Polestar to differentiate from Volvo with own electric motors

Polestar is set to develop its own electric motors as it looks to separate itself from parent company Volvo – and it will also step up the performance focus of existing models such as the soon-to-arrive Polestar 2.

With eyes on Tesla and Porsche, the Swedish-based brand that has manufacturing roots in China is positioning itself as a technology and performance EV alternative.

While the Polestar 2 that goes on sale in Australia within weeks shares its electrical architecture with the Volvo XC40 Pure Electric – same platform, batteries and electric motors – Polestar’s global boss says the company will eventually look to further differentiate the brand through the use of unique components.

“The next step for our company is definitely to go in with our own electric motor and really that type of peak power position will be a Polestar development,” says Polestar CEO Thomas Ingenlath. “That’s definitely part of the development of Polestar.”

Ingenlath says the focus for the brand is on performance and driving excitement, something that can also be done with software and tuning of existing components.

“We will of course with the Polestar 2 go into performance tuning with the software and offer that to our customer,” he says.

Describing Volvo as the “cosy, warm, welcome family car” Ingenlath says Polestar is “about the sporty drive and performance. It’s about how the suspension is set.”

He concedes that means “it is not the most comfortable for the kids in the back when you go over a speed hump”, instead emphasising a Polestar is about “an engaging drive”.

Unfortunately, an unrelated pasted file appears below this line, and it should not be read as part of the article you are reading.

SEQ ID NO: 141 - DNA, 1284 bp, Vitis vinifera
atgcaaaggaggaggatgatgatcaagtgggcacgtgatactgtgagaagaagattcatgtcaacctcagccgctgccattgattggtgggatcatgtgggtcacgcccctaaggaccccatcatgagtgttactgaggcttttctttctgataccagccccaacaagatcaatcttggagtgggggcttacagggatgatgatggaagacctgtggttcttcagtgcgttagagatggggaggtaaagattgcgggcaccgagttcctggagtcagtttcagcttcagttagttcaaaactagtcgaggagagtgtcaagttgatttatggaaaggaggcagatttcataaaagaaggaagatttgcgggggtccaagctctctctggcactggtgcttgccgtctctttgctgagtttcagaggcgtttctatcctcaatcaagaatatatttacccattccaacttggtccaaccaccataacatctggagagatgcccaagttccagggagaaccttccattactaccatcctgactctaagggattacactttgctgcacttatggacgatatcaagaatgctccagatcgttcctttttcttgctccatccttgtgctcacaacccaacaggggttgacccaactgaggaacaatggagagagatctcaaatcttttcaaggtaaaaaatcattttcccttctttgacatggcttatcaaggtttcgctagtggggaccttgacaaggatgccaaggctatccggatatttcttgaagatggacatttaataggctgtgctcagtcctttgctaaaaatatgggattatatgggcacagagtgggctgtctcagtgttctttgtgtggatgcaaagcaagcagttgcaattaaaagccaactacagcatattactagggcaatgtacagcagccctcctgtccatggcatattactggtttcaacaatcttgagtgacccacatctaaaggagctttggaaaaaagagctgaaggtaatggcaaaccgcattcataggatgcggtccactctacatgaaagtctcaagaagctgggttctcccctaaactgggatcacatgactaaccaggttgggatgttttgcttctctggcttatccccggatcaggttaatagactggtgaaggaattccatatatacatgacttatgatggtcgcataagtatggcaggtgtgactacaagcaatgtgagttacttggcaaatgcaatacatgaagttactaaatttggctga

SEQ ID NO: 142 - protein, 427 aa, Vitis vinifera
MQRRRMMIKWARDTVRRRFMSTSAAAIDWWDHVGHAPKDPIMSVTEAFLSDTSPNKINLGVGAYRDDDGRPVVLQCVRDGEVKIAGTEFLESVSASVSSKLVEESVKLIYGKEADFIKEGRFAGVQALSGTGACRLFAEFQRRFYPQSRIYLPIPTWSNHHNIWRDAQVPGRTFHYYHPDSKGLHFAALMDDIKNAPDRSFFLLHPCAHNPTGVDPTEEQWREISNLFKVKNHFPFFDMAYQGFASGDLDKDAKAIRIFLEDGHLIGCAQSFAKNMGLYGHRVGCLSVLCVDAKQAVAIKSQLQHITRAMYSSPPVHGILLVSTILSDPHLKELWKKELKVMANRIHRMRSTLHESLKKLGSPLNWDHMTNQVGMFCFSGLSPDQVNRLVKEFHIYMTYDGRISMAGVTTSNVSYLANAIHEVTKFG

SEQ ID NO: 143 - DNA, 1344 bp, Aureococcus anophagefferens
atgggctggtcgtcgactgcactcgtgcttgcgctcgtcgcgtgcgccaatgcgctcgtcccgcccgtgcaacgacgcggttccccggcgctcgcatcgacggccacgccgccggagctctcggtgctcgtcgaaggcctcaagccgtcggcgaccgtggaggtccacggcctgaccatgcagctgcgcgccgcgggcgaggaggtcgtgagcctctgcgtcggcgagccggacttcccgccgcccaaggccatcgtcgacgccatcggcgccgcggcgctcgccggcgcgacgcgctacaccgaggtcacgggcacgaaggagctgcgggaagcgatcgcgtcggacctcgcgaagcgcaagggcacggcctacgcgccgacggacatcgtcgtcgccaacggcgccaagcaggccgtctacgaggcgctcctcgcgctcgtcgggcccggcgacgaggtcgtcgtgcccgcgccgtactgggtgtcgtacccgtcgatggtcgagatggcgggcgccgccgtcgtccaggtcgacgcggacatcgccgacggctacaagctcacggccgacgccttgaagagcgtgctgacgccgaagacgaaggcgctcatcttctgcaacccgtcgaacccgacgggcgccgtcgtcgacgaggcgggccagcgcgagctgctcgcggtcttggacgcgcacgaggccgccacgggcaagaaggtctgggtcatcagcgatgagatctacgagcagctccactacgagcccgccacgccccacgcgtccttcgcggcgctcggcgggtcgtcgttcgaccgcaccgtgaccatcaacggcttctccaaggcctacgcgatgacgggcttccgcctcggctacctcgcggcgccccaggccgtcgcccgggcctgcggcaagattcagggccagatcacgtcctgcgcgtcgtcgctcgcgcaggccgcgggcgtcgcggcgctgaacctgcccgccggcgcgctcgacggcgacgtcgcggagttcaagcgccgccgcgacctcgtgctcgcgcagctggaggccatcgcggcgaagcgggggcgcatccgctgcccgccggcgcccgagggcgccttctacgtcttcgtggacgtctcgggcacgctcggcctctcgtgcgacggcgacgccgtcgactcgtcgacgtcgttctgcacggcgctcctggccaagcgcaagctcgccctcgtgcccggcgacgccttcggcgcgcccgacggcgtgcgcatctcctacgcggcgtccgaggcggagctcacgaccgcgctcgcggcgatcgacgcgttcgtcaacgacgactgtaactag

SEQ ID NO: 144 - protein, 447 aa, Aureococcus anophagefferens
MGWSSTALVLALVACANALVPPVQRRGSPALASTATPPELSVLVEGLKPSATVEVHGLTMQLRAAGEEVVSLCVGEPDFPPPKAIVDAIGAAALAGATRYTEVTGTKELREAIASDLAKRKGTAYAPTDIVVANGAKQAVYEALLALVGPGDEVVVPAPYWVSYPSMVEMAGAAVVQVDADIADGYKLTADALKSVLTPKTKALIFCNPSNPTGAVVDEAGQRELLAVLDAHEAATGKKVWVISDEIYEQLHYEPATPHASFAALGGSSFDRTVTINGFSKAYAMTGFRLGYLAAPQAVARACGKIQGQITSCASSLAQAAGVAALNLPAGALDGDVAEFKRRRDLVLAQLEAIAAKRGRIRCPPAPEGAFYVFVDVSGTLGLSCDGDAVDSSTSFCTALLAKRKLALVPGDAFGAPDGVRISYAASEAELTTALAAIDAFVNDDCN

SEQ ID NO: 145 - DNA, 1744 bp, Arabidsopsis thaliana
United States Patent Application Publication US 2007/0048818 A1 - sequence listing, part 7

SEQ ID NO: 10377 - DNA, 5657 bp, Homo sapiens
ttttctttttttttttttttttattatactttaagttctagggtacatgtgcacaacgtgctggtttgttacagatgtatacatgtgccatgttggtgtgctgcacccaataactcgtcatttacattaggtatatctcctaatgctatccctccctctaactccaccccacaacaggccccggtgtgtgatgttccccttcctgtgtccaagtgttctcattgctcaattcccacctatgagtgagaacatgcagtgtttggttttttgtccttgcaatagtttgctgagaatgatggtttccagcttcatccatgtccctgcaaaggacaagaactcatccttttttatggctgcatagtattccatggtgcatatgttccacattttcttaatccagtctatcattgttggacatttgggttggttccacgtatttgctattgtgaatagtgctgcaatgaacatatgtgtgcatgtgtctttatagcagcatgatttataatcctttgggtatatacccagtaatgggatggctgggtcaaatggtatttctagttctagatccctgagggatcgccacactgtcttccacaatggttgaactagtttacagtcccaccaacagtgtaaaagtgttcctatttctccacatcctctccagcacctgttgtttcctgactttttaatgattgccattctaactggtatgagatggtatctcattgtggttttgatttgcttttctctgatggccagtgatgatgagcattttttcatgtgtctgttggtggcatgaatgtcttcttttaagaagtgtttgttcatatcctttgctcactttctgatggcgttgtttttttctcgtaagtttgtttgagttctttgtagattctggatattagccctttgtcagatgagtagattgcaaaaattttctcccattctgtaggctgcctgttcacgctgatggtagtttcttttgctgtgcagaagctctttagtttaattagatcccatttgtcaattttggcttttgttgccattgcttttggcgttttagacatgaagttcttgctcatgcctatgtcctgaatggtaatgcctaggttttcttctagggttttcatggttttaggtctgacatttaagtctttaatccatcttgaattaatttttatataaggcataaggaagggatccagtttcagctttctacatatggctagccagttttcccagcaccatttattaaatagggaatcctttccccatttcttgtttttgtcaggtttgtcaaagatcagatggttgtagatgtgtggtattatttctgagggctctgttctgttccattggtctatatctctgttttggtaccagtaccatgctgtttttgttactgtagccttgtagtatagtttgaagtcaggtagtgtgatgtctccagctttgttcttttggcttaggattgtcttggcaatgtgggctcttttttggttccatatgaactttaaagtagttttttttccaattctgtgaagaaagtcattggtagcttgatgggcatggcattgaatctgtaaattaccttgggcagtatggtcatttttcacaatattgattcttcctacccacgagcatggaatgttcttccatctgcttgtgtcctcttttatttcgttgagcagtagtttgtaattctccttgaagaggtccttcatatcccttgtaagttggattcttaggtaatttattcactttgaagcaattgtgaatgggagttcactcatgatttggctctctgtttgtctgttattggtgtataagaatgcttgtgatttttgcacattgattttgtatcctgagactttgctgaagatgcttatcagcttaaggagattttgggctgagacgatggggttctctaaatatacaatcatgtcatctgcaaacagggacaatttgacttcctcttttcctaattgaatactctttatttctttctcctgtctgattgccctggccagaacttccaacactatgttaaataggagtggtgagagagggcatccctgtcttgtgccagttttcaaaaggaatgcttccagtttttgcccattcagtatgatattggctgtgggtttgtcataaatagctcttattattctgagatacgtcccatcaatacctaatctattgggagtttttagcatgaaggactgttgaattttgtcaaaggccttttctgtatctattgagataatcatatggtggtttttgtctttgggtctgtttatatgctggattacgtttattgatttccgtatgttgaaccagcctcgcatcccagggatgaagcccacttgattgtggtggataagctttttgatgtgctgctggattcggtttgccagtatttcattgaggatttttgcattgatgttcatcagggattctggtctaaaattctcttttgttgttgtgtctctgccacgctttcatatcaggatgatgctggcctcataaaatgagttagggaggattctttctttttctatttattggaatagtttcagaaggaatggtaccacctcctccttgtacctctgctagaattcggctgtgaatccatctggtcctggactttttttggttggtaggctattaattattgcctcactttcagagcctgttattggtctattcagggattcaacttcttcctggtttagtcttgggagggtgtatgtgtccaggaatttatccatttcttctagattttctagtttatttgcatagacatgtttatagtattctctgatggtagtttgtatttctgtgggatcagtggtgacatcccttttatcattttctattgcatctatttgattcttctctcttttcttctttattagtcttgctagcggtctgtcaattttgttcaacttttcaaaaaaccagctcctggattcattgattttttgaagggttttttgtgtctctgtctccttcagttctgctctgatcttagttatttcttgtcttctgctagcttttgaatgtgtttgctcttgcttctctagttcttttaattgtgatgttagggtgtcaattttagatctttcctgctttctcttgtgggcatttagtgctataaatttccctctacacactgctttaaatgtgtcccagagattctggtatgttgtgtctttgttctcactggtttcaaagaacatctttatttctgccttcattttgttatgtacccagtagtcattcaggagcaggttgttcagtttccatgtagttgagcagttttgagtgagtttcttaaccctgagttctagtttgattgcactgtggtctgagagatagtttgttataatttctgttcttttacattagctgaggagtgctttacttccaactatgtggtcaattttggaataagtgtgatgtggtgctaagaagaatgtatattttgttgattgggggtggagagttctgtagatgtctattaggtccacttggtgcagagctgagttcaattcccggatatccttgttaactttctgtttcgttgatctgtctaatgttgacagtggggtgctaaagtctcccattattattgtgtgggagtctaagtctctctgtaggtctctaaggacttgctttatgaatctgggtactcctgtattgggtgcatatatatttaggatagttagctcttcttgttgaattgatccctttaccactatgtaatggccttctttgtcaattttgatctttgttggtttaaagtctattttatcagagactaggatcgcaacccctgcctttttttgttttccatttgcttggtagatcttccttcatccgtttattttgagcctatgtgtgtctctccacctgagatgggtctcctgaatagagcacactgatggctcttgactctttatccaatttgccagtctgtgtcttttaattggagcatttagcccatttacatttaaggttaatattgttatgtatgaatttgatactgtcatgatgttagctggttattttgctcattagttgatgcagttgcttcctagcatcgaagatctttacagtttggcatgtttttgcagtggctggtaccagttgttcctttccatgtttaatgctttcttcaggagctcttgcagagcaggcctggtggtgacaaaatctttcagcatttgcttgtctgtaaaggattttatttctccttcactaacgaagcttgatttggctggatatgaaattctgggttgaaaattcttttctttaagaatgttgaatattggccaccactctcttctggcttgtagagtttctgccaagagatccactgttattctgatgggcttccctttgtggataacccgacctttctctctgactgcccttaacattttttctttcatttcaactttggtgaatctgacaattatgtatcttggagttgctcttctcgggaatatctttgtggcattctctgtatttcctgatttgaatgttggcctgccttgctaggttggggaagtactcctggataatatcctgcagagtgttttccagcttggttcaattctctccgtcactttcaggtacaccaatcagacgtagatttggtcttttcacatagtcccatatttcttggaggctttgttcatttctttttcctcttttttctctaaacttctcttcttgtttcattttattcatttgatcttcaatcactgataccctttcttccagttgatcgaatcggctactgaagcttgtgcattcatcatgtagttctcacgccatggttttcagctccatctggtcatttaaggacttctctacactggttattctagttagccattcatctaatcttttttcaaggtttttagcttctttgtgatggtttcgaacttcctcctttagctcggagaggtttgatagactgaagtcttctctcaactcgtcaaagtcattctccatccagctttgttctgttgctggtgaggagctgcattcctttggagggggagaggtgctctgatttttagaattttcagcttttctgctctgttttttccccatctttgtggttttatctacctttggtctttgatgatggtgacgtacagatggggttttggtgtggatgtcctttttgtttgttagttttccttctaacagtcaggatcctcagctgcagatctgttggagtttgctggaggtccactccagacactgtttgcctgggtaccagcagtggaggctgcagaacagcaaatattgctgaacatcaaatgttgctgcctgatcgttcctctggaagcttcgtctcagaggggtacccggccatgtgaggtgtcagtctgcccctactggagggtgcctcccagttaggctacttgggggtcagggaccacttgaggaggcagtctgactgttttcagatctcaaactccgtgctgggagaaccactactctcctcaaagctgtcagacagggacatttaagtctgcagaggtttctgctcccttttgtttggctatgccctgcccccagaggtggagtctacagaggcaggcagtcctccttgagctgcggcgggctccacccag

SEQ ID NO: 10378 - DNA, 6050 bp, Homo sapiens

Ingenlath says the software department makes up the biggest component of investment in the brand.

“The biggest department definitely is software development nowadays in R and D,” he says.

“Software definitely is what takes most of our attention, most of our care, most of our investment today and in the future.”

But he says hardware is also a major focus.

“In the next product we will then as well go into the hardware and have our own electric drivetrain.”

Polestar CEO Thomas Ingenlath with a Polestar 2
Polestar CEO Thomas Ingenlath with a Polestar 2

Very few EV makers currently produce their own motors, instead relying on external suppliers.

But that’s slowly changing.

Mercedes-Benz, for example, recently bought UK-based company Yasa for its axial flux motors, which are used in the Ferrari SF90 Stradale.

Many are seeing the value in having unique and innovative technology that can provide a point of difference.

The Polestar story starts in Australia soon with the arrival of the Polestar 2, which has the Tesla Model 3 in its crosshairs.

The 2 launches the Polestar brand as a newcomer with aspirations of carving itself a healthy niche within the evolving EV space.

But Polestar is not limiting itself to EV, primarily hoping to tempt buyers from petrol- and diesel-powered vehicles that currently dominate sales.